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Evans ready to make impact

Emma Evans is set to become a familiar face in Oceania. Credit: OFC via Phototek

Emma Evans is a familiar face on the New Zealand football scene having spent the past three years developing the women’s game with Capital Football.

However, communities across the Pacific should get used to seeing her on their shores now the New Zealander has taken up the role of OFC Women’s Football Development Officer.

While the post has stood empty for the past two years, the work has continued in the background and OFC Technical Director Patrick Jacquemet is excited to see Evans familiarise herself with the region and start making similar inroads to those she made with Capital.

“Emma’s achievements are no secret with the growth of the women’s game within Capital Football, both in terms of participation and elite, evidence of her success,” he said.

“We’re very fortunate to have someone with her passion and drive, not only for football, but in wanting to provide greater opportunities for women and girls across Oceania.”

While women’s football is growing rapidly across the globe, the opportunities are still developing.

Evans believes the role with OFC was one she couldn’t let slip through her fingers.

“When I saw the advertisement come up it was an exciting change and just another opportunity for women in sport as well,” she said.

“You look at the job opportunities that are available, and I’ve come from a Federation so the natural progression is to a national organisation, but when the Oceania role came up I thought it was an awesome opportunity.

“And it shows how seriously Oceania is taking women’s football.”

During her time with Capital Evans said she was tasked with boosting participation across a region which takes in Wellington and the Wairarapa.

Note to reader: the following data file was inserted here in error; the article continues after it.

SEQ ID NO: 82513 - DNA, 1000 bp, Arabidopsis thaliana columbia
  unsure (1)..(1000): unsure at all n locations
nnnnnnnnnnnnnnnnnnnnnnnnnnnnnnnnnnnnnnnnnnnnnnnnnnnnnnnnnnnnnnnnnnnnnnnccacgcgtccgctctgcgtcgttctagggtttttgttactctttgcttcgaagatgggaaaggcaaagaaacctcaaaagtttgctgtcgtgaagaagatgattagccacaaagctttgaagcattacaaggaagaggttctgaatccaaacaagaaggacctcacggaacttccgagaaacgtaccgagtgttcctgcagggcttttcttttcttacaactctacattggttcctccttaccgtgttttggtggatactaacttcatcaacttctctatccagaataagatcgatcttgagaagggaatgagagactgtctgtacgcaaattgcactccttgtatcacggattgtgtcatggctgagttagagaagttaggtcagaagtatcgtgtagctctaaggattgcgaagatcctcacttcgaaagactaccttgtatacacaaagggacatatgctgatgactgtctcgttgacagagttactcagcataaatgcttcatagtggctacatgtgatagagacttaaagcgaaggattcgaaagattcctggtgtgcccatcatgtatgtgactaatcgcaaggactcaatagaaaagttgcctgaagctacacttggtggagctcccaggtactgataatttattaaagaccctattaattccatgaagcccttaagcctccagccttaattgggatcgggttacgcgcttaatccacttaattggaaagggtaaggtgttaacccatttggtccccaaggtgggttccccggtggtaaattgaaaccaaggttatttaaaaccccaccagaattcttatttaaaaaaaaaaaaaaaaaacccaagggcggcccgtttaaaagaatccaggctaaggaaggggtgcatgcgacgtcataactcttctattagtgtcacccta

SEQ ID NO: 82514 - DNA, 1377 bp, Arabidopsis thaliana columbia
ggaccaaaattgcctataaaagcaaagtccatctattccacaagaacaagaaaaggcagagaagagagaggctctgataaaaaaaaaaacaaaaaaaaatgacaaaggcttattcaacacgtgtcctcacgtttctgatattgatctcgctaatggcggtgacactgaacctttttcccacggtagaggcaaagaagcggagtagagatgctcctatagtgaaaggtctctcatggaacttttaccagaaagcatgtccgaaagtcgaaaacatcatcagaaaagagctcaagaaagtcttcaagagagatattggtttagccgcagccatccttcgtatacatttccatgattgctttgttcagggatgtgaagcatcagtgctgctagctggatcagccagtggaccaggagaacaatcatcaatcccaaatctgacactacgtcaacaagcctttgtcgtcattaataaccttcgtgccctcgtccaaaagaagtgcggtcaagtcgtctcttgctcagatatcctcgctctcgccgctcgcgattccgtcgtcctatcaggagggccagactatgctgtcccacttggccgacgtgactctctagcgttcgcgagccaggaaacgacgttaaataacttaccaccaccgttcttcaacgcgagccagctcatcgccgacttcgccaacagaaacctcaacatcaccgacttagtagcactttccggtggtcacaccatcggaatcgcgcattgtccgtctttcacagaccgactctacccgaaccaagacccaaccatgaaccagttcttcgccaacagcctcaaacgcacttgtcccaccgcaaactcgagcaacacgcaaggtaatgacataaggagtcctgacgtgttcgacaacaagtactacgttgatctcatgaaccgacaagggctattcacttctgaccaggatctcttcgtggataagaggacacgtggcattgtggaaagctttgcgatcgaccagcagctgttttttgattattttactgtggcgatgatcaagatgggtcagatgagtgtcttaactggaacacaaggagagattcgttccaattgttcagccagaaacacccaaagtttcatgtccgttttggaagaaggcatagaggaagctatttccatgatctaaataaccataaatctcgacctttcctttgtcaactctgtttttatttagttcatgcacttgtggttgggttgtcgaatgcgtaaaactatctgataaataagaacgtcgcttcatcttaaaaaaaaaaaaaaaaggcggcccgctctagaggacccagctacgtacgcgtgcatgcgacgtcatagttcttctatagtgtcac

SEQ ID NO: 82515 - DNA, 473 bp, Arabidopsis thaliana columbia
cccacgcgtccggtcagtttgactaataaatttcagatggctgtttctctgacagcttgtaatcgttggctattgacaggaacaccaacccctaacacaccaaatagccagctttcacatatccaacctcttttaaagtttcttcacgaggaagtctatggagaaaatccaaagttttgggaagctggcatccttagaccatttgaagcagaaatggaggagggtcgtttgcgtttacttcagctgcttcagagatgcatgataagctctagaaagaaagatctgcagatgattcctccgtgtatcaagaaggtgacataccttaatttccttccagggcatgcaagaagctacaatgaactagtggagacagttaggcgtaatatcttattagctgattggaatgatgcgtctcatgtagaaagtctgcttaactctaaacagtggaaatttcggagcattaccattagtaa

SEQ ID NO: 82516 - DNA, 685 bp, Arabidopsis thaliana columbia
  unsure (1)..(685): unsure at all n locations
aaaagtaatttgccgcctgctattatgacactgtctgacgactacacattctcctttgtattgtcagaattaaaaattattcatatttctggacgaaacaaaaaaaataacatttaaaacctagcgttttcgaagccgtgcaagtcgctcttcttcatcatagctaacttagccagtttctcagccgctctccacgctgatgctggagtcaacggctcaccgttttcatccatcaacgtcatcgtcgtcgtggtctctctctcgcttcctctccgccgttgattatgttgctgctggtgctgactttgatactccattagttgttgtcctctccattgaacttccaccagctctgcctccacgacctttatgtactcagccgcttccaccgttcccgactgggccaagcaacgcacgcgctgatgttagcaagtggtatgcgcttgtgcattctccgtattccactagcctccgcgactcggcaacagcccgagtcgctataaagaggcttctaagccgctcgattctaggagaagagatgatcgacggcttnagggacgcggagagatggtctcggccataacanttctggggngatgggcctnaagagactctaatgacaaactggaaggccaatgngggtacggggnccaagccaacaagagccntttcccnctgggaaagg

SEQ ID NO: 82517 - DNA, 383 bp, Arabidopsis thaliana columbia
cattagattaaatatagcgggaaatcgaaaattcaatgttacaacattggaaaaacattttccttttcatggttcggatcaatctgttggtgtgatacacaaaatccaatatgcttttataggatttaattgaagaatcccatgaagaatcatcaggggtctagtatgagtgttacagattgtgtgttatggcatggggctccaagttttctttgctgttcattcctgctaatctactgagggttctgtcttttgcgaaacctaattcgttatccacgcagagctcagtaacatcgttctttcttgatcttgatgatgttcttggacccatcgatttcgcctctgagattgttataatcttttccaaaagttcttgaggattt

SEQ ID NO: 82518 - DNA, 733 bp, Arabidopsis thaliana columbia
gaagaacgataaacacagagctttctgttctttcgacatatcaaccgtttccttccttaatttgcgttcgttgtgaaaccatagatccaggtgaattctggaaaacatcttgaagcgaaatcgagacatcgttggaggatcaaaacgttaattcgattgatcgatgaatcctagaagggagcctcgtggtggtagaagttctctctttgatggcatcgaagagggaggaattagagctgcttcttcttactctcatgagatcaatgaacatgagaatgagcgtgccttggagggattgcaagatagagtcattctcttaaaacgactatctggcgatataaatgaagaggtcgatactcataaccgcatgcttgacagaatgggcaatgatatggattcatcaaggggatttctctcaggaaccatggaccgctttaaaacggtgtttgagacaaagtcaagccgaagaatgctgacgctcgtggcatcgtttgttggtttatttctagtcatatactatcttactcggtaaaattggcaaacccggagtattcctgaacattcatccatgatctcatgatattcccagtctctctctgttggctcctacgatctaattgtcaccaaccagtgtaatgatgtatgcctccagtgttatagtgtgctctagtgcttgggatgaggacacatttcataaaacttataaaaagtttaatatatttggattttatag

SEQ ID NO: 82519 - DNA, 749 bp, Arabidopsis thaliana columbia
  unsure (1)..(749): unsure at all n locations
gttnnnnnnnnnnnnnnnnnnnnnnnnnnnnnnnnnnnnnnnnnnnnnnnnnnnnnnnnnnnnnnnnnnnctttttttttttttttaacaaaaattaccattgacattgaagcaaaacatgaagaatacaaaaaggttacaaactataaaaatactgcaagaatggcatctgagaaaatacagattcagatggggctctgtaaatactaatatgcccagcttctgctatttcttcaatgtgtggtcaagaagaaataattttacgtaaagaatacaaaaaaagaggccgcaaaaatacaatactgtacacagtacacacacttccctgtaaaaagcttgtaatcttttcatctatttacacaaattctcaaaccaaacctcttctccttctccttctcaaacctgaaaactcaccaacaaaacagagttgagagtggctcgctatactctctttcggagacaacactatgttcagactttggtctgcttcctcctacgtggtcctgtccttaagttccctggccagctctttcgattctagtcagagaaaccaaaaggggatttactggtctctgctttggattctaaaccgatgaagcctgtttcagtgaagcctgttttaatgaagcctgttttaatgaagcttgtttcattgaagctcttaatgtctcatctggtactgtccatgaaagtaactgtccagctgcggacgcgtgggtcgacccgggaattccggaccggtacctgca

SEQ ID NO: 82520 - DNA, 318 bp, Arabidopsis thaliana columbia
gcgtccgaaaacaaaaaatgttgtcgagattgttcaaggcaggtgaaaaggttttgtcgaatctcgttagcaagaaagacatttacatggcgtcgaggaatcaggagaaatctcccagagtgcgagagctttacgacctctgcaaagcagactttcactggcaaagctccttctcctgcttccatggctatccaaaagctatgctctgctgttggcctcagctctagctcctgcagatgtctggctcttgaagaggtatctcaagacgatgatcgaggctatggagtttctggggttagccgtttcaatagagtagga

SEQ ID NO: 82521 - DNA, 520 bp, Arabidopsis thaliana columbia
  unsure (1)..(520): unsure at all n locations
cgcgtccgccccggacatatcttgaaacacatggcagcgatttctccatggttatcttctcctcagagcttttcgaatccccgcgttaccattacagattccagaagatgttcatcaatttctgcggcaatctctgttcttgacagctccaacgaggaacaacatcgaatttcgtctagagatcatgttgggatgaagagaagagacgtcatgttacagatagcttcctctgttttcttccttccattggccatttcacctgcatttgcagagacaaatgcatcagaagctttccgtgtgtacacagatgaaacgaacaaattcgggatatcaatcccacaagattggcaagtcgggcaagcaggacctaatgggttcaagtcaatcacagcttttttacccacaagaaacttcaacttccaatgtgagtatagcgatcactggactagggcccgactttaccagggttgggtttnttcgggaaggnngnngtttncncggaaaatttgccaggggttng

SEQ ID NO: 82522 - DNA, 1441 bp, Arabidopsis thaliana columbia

“The main purpose, or objective, of the role was to grow the women’s game in the region both at a participation/community level, but also in the elite game, to really try and drive and lift that competitiveness of the region as well,” Evans explained.

“I think in New Zealand some of the challenges we face are more around making women’s sport visible to the community and really letting girls and women know that playing football is an option for them.”

Looking ahead, Evans already has a plan about what she hopes to achieve in the role and one of the keys will be growing the number of women and girls across Oceania who are involved in football – but that’s not all.

“It’s important we grow participation and we increase or make ourselves competitive on the world stage, but for me it’s more about empowering women and challenging societal norms.

“Really making a difference to how the women’s game is perceived, not only in Oceania, but in the world as well.

“I think we’ve got a massive opportunity to progress football and society, and that’s really exciting.

“Football is going to be an extremely valuable tool in promoting gender equality. Giving girls the opportunity to play, but also letting boys and men see that it is ok to let them play.

“The leadership skills and the relationship building and the values which people can learn through football, I think it’s extremely important whether you’re a male or a female, to really have a chance to flourish and to become good people for society, and that everyone can contribute equally – those things are really important for me.”

One of the first big tasks on the agenda is the upcoming FIFA Women’s Football Development Seminar which is being held in Vanuatu at the end of the month.

As well as bringing together people involved in women’s football from across Oceania, FIFA Chief of Women’s Football Sarai Bareman will also be in attendance.

The opportunity to be in the room with these key people is something Evans is looking forward to.

“It will be a good opportunity for me to meet everyone in this capacity, and also for FIFA and Sarai to come over and share what’s happening in the women’s game and to really promote some of the changes which are happening at FIFA and to drive that down into a Confederation level.

“I think Sarai has a good understanding of where the region is at and some of the challenges we face, but also the strengths, so she’ll be a good person to come in and drive all that information down to us.”

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